View of Whiteplains Plantation

View of Whiteplains Plantation
Over Head View

Monday, June 30, 2014

K-Club Record

 We may have set a record this morning!
 21 of 28 of us in attendance.

Friday, June 27, 2014

FAA Safety Team | Safer Skies Through Education

Notice Number: NOTC5420

FAAST Blast — June 22-28, 2014Biweekly FAA Safety Briefing News Update 

Airman Certification System Working Group Documents Open for Comment 
   This notice announces the availability of draft Airman Certification Standards documents developed by the Airman Certification Standards Working Group for the commercial pilot certificate and the authorized instructor certificate. The Airman Certification Standards documents are designed as the foundation for transitioning to a more integrated and systematic approach to airman certification testing and training. These documents are available for public review, download, and comment.
   Send comments on or before August 25, 2014, in accordance with Docket No. FAA-2013-0316 found here:
Arlington Fly-in Coming Soon
   In less than two weeks one of the largest GA events of the year kicks off at the Arlington Municipal Airport in Arlington, Washington, where more than 1,000 aircraft will congregate. Running between July 10-12, 2014, the Arlington Fly-In will play host to almost every kind of GA craft from powered parachutes to classic warbirds. The Fly-In is also a great place to learn. In addition to the many workshops the FAASTeam is also providing free safety seminars like Minard Thompson’s seminar on returning to flight after a period of inactivity.
   For more information:
Do You Need to See a Specialist?
   Editor Sabrina Woods provides a concise guide on who should be fixing your plane in her article “The ‘Doctor’ is In” on page 18 of the latest issue of FAA Safety Briefing. Woods offers a prescription as to who should be doing what on your aircraft and what certification those providers should hold. The issue is available at:
Produced by the editors, FAA Safety Briefing
Address questions or comments to:

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Thursday, June 26, 2014

Win for GA

Recreational Pilots Gain Rights in California and South Carolina 

By Pia Bergqvist / Published: Jun 26, 2014
Recreational Aviation California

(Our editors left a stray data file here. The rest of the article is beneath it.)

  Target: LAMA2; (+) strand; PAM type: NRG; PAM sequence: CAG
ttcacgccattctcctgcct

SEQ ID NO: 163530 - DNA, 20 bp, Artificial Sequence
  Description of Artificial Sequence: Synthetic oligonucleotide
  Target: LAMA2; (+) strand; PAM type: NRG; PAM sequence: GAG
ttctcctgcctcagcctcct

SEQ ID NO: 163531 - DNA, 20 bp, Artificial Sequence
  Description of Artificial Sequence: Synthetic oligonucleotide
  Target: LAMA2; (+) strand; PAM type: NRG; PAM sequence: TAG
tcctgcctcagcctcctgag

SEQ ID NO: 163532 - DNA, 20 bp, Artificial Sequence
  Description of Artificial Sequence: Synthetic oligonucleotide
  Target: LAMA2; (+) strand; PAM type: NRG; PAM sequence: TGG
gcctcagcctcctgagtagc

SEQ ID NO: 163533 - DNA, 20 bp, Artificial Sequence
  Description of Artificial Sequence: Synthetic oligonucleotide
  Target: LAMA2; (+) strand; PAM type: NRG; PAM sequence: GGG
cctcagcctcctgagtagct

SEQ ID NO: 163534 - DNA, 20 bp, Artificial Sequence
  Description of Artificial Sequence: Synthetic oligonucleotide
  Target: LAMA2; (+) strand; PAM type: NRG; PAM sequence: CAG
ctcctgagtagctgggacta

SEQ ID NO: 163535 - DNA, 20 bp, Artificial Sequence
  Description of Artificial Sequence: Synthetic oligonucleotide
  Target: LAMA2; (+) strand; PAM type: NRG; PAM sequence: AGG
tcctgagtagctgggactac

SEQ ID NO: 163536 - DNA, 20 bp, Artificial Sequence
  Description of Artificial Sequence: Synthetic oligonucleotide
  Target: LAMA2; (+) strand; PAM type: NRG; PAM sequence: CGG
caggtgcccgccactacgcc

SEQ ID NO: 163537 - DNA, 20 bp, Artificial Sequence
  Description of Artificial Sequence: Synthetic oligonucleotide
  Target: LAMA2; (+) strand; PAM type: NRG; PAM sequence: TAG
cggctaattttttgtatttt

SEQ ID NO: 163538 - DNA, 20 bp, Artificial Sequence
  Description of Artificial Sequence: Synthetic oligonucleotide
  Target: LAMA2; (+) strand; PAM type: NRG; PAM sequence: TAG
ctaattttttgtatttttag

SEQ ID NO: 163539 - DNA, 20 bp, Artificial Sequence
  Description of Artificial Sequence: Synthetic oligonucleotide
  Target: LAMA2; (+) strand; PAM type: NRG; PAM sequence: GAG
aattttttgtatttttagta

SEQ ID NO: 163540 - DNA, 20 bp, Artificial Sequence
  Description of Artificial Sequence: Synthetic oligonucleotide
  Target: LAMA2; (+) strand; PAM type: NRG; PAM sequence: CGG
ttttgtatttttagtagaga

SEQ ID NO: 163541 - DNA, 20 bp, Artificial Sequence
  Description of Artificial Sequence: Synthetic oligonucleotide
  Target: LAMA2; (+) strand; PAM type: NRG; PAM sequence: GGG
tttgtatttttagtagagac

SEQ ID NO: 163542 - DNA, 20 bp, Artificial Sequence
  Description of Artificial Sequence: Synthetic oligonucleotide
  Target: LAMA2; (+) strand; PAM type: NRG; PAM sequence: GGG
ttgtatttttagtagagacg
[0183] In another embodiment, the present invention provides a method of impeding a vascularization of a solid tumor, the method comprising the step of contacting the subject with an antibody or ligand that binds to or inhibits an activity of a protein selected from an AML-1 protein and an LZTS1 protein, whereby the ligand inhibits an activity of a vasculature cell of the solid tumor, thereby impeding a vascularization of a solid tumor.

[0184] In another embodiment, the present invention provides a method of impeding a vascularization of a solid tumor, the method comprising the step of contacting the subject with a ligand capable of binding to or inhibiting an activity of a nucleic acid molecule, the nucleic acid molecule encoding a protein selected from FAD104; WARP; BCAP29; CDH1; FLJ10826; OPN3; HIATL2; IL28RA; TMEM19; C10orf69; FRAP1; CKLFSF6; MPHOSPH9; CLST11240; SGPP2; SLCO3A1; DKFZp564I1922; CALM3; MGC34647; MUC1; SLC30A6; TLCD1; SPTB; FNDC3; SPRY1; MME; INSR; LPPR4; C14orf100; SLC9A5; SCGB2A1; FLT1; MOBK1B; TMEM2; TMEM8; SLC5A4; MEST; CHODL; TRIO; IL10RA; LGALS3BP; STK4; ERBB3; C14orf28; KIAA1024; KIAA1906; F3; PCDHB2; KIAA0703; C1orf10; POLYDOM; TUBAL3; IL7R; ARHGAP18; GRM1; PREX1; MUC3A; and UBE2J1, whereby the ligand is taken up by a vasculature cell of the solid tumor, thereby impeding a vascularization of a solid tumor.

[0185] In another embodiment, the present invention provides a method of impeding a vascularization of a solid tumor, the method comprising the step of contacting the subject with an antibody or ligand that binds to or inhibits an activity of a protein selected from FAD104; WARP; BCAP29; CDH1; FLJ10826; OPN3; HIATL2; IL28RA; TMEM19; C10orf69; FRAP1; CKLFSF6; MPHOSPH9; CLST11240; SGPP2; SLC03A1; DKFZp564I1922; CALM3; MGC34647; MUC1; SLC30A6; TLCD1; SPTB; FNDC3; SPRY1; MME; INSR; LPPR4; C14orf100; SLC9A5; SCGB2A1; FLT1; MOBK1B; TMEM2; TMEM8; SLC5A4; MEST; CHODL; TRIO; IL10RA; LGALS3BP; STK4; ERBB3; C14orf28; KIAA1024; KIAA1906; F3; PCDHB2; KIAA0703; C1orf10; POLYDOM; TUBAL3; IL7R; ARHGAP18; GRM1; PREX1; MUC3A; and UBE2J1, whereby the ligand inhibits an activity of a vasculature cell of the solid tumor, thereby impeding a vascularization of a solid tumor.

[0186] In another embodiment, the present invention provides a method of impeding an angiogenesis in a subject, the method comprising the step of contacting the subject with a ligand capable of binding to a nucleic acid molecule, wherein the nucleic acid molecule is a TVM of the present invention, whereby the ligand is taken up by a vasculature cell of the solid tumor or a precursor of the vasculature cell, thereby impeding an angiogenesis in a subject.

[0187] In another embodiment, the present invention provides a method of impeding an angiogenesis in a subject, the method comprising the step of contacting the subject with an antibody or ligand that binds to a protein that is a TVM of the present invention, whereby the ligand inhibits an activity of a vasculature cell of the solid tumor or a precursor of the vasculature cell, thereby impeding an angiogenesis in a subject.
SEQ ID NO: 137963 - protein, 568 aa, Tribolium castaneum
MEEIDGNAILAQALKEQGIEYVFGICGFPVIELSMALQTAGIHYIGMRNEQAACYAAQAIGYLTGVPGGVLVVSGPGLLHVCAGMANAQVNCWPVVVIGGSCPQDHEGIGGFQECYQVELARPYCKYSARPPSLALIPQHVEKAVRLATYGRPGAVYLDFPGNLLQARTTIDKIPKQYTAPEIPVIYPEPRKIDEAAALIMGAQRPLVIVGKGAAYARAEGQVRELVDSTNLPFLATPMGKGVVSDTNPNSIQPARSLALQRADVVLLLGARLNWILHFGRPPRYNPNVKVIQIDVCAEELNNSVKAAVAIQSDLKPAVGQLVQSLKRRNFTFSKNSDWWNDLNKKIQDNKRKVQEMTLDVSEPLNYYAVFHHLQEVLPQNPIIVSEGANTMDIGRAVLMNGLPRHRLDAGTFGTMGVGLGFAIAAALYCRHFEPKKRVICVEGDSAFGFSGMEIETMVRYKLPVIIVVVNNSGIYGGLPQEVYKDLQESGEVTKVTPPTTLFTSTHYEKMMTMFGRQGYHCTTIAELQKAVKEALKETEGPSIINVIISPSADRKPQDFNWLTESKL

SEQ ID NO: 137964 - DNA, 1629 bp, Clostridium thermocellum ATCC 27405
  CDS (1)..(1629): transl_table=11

©George A. Kounis
Pilots at the Recreational Aviation Foundation have reason to celebrate after achieving two big wins during the past couple of weeks. California and South Carolina have both adopted legislative language that provides greater opportunities for backcountry flying.
The Recreational Use Statute in the two states has been amended to include aviation activities, providing landowners protection from liability when recreational pilots land on their properties. As a result, landowners will likely be more welcoming to airplanes flying into airstrips on their land.
As the third largest state in the union, California was a particularly big win for RAF. "California is such an important aviation state and with the passage of the RUS this is not only an important day for California but a very big day for aviation," said RAF's president John McKenna.
Twenty-four states have changed their RUS to include aviation activities as a result of the tireless work of RAF members, and there are six states in the process of making amendments.


Monday, June 23, 2014



SCBC LogoI have represented AOPA in South Carolina for 30 years and have never ceased to be amazed at the general aviation energy in the Palmetto State. This past weekend I had the pleasure of enjoying an aviation tradition that I have somehow missed until now. It’s the incredible “South Carolina Breakfast Club”, a real southern breakfast, with everything, including grits, biscuits and gravy, great fellowship and flying! Every other Sunday since 1938 (that’s 76 years) pilots & aviation enthusiasts in and near South Carolina have met for breakfast. There are no dues and no meeting requirements! Breakfast costs about $6 – $10 a plate – its ready about 9AM and there is always plenty to eat. Fly in or drive to the airport, have a great breakfast and talk flying until your hearts content! Pilots or non-pilots it doesn’t matter… everyone’s welcomed!
The South Carolina Breakfast Club is led by President Gerald Ballard who has been visiting airports around South Carolina and a few surrounding states every other Sunday since 1938. He only missed events during World War II when fuel was not available. The SCBC has no dues — you join by attending your first one and the only rule is to “fly safe.” Gerald wasn’t at the one at Rock Hill (UZA) this past Sunday but Stoney Truitt made me feel right at home real quick. He even made me a
Stoney & Bob“Life Member”; gave me a patch to prove it as well as a nice gold SCBC pin and last year’s 75th anniversary patch. I suspect that everybody that attends for their first time gets the same but it was only me on Sunday. I’ll have them sewn on to my vest along with all that other stuff that proves I’m a real pilot.